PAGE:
Judging by everything listed — and especially for the fact that followed Putin’s election for a third term in 2012, his main foreign policy goal is to weaken Western democratic institutions and alliances, constantly undermining their legitimacy and reducing popular support. His response to the Russian expression “against whom are we for?” begins increasingly to sound like “anti-West” and “Russia” Putin wants to take revenge for the fall of the Soviet Union and to return Russia to its former glory geopolitical, military and moral counterweight to the US.
Such a reading of events was confirmed by the policy of Putin. Ukraine wants to join Europe? The West is profitable (once Putin called Ukraine a “foreign NATO Legion”). So, this must stop — to seize the Crimea and wage indirect war. The US wants to remove Bashar Assad from power in Syria and to support Pro-Western rebels? Then Russia will unite with sworn enemy of Americans by Iran to keep Assad in power. Hillary Clinton — the most likely contender for the presidency? Then Moscow needs to find incriminating evidence and publish these materials in order to sabotage her campaign and to legitimize the elections.
This is a dangerous game. In Russia, the legitimacy of Putin’s power became dependent on foreign political success and military triumphs. The Russian economy has stagnated, incomes are falling, poverty is increasing, and the aversion to the corruption of the regime is becoming stronger and clearer. The next presidential elections are scheduled for March, and the victory, Putin secured. However, one victory is not enough for him. He wants a loud confirmation of its popularity, abundant manifestations of loyalty and devotion, to which his regime will be based for the next six years.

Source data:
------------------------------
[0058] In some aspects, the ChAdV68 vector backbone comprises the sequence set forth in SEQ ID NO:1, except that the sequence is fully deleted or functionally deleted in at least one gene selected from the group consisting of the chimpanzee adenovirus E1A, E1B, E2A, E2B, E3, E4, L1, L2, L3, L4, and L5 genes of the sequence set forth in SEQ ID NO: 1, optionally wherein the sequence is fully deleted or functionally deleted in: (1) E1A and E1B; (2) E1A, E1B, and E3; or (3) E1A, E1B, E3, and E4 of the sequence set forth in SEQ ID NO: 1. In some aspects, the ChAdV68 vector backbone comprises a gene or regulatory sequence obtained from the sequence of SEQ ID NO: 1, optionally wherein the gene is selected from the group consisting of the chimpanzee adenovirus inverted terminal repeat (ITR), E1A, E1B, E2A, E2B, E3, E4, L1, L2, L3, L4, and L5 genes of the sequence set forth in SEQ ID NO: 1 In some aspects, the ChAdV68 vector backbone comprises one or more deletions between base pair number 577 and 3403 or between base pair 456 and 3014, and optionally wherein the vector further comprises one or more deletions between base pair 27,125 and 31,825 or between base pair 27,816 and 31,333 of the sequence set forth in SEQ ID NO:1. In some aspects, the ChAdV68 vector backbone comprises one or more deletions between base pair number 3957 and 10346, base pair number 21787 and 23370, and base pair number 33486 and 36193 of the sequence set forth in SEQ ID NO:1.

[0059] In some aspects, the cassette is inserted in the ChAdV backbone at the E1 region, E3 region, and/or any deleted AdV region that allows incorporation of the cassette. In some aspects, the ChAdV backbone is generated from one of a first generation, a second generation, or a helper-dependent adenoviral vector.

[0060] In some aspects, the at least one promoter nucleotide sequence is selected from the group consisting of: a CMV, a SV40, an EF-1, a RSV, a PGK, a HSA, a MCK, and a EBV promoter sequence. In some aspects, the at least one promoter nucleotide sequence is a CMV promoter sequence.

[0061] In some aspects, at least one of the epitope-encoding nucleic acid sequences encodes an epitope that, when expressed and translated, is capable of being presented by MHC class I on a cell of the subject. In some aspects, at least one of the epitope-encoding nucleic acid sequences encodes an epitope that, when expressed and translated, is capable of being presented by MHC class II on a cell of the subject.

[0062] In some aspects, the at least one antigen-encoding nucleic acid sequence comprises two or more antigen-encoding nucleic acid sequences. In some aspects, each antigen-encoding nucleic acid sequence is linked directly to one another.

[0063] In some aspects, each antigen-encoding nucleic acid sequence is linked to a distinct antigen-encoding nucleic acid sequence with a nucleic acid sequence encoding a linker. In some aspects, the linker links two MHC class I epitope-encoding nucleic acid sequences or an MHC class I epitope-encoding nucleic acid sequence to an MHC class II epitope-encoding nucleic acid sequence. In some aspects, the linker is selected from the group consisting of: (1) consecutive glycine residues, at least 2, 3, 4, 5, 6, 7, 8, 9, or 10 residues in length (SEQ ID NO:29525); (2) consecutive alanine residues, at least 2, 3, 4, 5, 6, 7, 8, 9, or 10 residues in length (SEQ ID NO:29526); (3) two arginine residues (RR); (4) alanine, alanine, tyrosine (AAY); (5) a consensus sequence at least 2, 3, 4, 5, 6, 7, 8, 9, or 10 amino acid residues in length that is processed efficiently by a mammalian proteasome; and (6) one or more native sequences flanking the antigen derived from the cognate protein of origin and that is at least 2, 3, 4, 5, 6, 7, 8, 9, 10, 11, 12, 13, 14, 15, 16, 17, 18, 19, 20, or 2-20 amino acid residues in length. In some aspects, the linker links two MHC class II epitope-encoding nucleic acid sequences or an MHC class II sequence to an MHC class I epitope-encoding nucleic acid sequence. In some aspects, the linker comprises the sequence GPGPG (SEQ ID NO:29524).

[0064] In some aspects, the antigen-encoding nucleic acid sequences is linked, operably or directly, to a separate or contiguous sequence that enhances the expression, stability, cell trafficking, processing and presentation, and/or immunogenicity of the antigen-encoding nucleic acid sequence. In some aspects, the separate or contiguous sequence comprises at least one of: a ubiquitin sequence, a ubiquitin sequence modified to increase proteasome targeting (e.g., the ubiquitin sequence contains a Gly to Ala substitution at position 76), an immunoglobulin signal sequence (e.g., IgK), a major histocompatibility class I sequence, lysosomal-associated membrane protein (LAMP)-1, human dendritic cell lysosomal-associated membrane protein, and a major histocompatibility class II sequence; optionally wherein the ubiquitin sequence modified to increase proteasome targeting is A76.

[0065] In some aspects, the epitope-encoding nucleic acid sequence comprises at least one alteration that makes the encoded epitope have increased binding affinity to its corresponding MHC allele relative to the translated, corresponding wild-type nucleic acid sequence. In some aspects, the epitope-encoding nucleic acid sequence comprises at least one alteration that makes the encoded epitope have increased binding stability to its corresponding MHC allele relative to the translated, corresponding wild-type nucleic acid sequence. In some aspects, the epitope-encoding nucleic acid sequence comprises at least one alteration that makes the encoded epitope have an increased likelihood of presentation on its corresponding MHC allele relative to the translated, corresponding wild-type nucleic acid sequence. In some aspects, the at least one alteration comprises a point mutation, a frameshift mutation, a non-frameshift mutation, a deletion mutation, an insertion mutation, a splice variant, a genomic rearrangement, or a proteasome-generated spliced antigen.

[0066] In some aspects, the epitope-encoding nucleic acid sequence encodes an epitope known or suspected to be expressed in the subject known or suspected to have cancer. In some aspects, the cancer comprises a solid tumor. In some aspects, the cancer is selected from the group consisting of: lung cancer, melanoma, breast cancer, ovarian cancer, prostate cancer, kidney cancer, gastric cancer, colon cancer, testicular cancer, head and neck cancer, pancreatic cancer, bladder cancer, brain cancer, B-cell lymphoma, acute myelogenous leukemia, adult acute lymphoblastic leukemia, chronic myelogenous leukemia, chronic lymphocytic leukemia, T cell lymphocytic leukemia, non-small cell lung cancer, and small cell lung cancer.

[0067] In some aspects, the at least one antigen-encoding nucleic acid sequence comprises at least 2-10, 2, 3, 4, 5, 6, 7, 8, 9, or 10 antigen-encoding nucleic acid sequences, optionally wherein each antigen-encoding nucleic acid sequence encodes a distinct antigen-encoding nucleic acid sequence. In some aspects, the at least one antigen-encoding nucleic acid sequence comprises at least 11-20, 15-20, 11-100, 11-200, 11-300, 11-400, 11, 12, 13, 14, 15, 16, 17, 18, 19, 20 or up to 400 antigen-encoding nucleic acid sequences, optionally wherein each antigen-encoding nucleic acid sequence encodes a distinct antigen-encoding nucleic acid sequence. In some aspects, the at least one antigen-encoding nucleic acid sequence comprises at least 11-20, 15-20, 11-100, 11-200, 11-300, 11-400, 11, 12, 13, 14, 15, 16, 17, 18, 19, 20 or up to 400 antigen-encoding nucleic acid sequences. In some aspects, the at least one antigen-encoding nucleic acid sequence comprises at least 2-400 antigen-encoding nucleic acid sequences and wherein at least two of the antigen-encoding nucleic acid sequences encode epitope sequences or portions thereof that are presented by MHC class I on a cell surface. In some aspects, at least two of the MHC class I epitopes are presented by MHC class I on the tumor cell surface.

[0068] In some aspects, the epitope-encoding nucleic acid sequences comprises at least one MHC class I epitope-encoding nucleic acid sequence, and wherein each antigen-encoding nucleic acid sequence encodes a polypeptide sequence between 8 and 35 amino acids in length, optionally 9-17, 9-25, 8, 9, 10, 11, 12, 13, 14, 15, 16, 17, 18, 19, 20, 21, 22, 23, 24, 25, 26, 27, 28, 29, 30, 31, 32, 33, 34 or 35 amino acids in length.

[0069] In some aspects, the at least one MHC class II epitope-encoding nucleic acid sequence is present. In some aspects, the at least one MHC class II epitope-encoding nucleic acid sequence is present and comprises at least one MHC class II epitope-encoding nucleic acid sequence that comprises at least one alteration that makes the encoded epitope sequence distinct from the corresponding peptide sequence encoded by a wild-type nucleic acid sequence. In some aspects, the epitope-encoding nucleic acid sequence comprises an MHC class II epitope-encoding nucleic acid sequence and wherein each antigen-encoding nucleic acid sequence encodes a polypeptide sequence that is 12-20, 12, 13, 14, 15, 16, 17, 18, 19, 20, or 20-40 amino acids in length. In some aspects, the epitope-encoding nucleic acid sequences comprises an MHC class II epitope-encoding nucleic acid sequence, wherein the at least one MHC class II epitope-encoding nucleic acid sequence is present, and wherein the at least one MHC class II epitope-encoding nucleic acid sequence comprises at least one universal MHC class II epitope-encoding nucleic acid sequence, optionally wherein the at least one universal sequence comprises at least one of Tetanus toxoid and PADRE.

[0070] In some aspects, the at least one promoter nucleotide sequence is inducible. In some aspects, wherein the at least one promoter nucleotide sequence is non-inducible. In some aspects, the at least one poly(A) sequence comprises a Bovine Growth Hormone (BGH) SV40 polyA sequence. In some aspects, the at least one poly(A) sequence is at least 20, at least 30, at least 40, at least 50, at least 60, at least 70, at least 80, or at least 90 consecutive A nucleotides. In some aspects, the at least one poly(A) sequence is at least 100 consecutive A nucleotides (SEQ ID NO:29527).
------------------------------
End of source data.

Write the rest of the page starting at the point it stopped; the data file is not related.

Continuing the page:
After the meeting, trump and Putin at the summit in Hamburg last month controlled Russian forces have stepped up attacks on Ukrainian troops. Another catalyst of the Russian Patriotic hysteria can become Belarus and “the brotherly Slavic state,” that the valiant Russian soldiers and local “patriots” will be “saved” from imminent conquest by the NATO forces.
But the most big jackpot, it would be possible to thwart the invasion — most likely indirect — in Estonia, Latvia or Lithuania, thus exposing NATO, exposing it as a paper tiger which is unable or unwilling to give a military rebuff. While the world celebrates the 55th anniversary of the Cuban missile crisis, Putin can take on an impossible task and mistakes in the calculations, putting the US and Russia are on the brink of war, as did Nikita Khrushchev.
Addicted to winning — a habit that must be the most difficult to get rid of. Especially if someone perceives them as Putin as a way to correct a huge injustice committed against his country and stay in power. The recently enacted America’s anti-Russian sanctions despite his moral innocence and destructive power in the long term, today will not change Putin’s strategy. Perhaps he will only raise rates.
The best and only option is West, which could force Putin to abandon the “tug of war” and the restoration of its former power is to create for him a concrete obstacle in the Ukraine, in Syria and in any other place in which he decides to go. If only the West will be able to collect their will in a fist.
Leon Aron — Director of Russian studies at the American enterprise Institute.